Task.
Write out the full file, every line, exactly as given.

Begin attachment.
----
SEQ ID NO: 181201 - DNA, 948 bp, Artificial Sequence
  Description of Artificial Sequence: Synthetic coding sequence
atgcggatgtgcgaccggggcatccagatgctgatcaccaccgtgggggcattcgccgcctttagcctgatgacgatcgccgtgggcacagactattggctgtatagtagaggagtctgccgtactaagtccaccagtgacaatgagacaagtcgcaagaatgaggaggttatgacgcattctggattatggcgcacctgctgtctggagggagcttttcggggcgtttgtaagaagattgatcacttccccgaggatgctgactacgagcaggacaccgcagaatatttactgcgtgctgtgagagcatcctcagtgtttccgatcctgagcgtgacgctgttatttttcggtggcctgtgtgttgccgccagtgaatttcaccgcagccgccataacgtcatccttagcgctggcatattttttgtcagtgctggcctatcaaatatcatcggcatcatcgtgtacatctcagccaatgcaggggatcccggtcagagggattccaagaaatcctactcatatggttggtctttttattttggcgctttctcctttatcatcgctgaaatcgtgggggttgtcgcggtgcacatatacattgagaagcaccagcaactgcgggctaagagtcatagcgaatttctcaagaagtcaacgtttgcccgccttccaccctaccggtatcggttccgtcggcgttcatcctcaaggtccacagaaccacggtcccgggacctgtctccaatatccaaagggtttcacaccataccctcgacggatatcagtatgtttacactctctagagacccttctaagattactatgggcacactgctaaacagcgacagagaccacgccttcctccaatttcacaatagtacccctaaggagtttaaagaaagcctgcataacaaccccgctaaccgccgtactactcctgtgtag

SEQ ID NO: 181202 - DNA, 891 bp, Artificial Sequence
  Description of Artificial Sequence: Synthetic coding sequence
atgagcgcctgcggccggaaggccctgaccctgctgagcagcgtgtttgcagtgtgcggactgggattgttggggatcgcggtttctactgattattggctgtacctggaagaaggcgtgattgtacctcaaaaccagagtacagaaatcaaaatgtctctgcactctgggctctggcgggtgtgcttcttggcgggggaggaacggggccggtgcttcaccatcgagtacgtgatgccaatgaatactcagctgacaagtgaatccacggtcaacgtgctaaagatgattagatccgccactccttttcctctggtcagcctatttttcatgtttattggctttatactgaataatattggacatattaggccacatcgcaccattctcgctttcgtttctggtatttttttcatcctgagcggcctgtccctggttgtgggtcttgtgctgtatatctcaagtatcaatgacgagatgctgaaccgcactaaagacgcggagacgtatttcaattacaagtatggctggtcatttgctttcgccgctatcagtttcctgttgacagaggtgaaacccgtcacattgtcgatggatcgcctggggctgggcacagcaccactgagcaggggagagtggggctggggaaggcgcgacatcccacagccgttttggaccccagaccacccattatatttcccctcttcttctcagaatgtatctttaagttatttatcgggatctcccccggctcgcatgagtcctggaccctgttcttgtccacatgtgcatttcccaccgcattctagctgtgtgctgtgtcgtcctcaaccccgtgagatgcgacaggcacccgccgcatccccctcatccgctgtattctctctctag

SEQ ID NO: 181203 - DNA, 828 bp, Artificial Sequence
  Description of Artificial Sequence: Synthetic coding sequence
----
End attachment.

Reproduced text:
SEQ ID NO: 181201 - DNA, 948 bp, Artificial Sequence
  Description of Artificial Sequence: Synthetic coding sequence
atgcggatgtgcgaccggggcatccagatgctgatcaccaccgtgggggcattcgccgcctttagcctgatgacgatcgccgtgggcacagactattggctgtatagtagaggagtctgccgtactaagtccaccagtgacaatgagacaagtcgcaagaatgaggaggttatgacgcattctggattatggcgcacctgctgtctggagggagcttttcggggcgtttgtaagaagattgatcacttccccgaggatgctgactacgagcaggacaccgcagaatatttactgcgtgctgtgagagcatcctcagtgtttccgatcctgagcgtgacgctgttatttttcggtggcctgtgtgttgccgccagtgaatttcaccgcagccgccataacgtcatccttagcgctggcatattttttgtcagtgctggcctatcaaatatcatcggcatcatcgtgtacatctcagccaatgcaggggatcccggtcagagggattccaagaaatcctactcatatggttggtctttttattttggcgctttctcctttatcatcgctgaaatcgtgggggttgtcgcggtgcacatatacattgagaagcaccagcaactgcgggctaagagtcatagcgaatttctcaagaagtcaacgtttgcccgccttccaccctaccggtatcggttccgtcggcgttcatcctcaaggtccacagaaccacggtcccgggacctgtctccaatatccaaagggtttcacaccataccctcgacggatatcagtatgtttacactctctagagacccttctaagattactatgggcacactgctaaacagcgacagagaccacgccttcctccaatttcacaatagtacccctaaggagtttaaagaaagcctgcataacaaccccgctaaccgccgtactactcctgtgtag

SEQ ID NO: 181202 - DNA, 891 bp, Artificial Sequence
  Description of Artificial Sequence: Synthetic coding sequence
atgagcgcctgcggccggaaggccctgaccctgctgagcagcgtgtttgcagtgtgcggactgggattgttggggatcgcggtttctactgattattggctgtacctggaagaaggcgtgattgtacctcaaaaccagagtacagaaatcaaaatgtctctgcactctgggctctggcgggtgtgcttcttggcgggggaggaacggggccggtgcttcaccatcgagtacgtgatgccaatgaatactcagctgacaagtgaatccacggtcaacgtgctaaagatgattagatccgccactccttttcctctggtcagcctatttttcatgtttattggctttatactgaataatattggacatattaggccacatcgcaccattctcgctttcgtttctggtatttttttcatcctgagcggcctgtccctggttgtgggtcttgtgctgtatatctcaagtatcaatgacgagatgctgaaccgcactaaagacgcggagacgtatttcaattacaagtatggctggtcatttgctttcgccgctatcagtttcctgttgacagaggtgaaacccgtcacattgtcgatggatcgcctggggctgggcacagcaccactgagcaggggagagtggggctggggaaggcgcgacatcccacagccgttttggaccccagaccacccattatatttcccctcttcttctcagaatgtatctttaagttatttatcgggatctcccccggctcgcatgagtcctggaccctgttcttgtccacatgtgcatttcccaccgcattctagctgtgtgctgtgtcgtcctcaaccccgtgagatgcgacaggcacccgccgcatccccctcatccgctgtattctctctctag

SEQ ID NO: 181203 - DNA, 828 bp, Artificial Sequence
  Description of Artificial Sequence: Synthetic coding sequence